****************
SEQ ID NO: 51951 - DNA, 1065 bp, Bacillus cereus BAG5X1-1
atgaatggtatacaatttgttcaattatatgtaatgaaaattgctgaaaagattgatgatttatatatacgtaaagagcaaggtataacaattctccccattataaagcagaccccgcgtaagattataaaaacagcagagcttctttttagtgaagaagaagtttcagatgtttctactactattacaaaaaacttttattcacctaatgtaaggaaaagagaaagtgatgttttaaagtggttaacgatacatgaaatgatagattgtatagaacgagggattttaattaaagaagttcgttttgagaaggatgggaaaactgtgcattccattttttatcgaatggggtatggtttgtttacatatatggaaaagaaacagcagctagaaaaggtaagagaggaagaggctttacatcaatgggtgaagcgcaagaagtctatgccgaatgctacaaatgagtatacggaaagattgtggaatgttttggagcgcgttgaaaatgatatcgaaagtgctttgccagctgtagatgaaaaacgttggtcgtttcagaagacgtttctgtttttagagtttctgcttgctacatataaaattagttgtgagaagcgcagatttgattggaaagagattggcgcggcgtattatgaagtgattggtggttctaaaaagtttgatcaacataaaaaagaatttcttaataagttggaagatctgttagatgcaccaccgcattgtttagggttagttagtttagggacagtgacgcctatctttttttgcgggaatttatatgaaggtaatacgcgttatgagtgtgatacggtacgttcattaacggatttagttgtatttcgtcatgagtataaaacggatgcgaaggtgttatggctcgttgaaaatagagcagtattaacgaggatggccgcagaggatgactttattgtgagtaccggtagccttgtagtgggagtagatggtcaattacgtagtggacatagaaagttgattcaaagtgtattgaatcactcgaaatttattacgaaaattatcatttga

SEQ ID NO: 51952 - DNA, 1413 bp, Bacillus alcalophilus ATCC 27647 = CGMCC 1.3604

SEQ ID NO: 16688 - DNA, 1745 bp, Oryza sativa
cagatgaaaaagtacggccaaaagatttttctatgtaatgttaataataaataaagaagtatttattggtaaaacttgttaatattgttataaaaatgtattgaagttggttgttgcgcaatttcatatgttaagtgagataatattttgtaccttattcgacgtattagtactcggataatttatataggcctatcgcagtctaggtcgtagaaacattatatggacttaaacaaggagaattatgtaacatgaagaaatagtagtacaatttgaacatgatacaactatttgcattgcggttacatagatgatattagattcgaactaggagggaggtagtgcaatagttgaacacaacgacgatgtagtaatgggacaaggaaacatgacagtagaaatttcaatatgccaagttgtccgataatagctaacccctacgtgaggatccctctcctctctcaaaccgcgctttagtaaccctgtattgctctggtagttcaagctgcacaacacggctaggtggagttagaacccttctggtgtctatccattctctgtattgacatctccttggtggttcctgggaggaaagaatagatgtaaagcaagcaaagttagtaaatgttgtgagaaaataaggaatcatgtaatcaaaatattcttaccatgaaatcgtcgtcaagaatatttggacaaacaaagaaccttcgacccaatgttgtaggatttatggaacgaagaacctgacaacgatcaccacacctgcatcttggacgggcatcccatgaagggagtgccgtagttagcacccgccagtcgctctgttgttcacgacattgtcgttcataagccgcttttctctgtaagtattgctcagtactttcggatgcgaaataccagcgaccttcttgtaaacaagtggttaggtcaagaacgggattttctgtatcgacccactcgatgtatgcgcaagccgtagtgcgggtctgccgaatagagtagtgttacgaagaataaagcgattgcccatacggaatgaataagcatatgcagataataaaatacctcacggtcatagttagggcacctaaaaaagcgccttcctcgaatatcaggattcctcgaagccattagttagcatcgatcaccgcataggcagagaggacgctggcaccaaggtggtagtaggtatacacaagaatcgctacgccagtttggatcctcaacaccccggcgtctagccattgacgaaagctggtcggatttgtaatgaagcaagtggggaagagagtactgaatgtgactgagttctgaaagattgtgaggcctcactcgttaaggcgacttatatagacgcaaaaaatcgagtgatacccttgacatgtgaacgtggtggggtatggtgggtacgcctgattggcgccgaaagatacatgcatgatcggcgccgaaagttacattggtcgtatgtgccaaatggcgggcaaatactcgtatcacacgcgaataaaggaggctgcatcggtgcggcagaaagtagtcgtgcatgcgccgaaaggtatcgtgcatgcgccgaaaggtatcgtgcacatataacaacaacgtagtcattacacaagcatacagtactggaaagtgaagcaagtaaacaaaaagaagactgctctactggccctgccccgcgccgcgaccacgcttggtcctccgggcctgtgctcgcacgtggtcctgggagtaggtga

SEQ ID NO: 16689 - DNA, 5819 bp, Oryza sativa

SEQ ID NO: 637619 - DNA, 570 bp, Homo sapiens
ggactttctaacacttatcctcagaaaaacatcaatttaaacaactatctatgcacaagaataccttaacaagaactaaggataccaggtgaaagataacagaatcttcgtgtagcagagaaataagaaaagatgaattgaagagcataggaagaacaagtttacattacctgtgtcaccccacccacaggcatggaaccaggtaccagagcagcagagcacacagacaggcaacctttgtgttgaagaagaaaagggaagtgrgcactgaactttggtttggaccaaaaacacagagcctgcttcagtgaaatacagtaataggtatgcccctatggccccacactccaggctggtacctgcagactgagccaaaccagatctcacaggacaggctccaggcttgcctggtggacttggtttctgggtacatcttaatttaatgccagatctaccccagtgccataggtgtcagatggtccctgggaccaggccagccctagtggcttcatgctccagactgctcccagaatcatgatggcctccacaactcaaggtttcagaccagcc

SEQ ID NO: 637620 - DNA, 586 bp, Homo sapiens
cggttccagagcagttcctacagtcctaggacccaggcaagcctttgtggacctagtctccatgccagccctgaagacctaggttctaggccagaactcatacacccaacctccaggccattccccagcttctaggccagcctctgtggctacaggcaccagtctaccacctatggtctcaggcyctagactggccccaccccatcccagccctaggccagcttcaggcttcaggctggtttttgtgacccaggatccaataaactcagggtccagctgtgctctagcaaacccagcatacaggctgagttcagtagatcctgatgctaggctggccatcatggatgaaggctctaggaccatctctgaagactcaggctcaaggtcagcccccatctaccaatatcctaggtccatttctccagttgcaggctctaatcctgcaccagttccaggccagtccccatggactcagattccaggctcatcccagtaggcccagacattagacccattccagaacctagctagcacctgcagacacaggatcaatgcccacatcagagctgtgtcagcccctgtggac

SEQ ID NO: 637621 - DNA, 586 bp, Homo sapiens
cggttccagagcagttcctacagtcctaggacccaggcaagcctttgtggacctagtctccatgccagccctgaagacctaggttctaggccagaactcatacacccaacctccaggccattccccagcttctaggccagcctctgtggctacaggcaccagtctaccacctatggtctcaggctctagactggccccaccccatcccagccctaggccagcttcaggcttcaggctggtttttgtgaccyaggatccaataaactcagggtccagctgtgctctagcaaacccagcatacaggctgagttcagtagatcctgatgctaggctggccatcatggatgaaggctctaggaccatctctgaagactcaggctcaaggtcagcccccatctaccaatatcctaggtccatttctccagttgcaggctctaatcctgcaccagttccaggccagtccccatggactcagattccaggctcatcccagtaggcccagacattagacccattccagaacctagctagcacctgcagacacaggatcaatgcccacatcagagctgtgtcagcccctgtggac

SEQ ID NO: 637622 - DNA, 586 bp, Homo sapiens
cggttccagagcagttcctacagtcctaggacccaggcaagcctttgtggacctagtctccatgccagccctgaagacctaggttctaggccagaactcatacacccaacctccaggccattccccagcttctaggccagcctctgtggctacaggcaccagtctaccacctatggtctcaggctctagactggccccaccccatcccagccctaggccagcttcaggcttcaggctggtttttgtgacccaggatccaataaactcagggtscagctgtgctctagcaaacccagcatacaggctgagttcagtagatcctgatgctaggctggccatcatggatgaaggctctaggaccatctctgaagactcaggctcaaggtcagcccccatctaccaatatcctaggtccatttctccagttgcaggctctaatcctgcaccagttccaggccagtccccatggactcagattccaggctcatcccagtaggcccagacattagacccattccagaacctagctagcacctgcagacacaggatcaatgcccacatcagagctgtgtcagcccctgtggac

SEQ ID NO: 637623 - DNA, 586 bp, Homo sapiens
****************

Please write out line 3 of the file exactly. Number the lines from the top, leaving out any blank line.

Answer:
SEQ ID NO: 51952 - DNA, 1413 bp, Bacillus alcalophilus ATCC 27647 = CGMCC 1.3604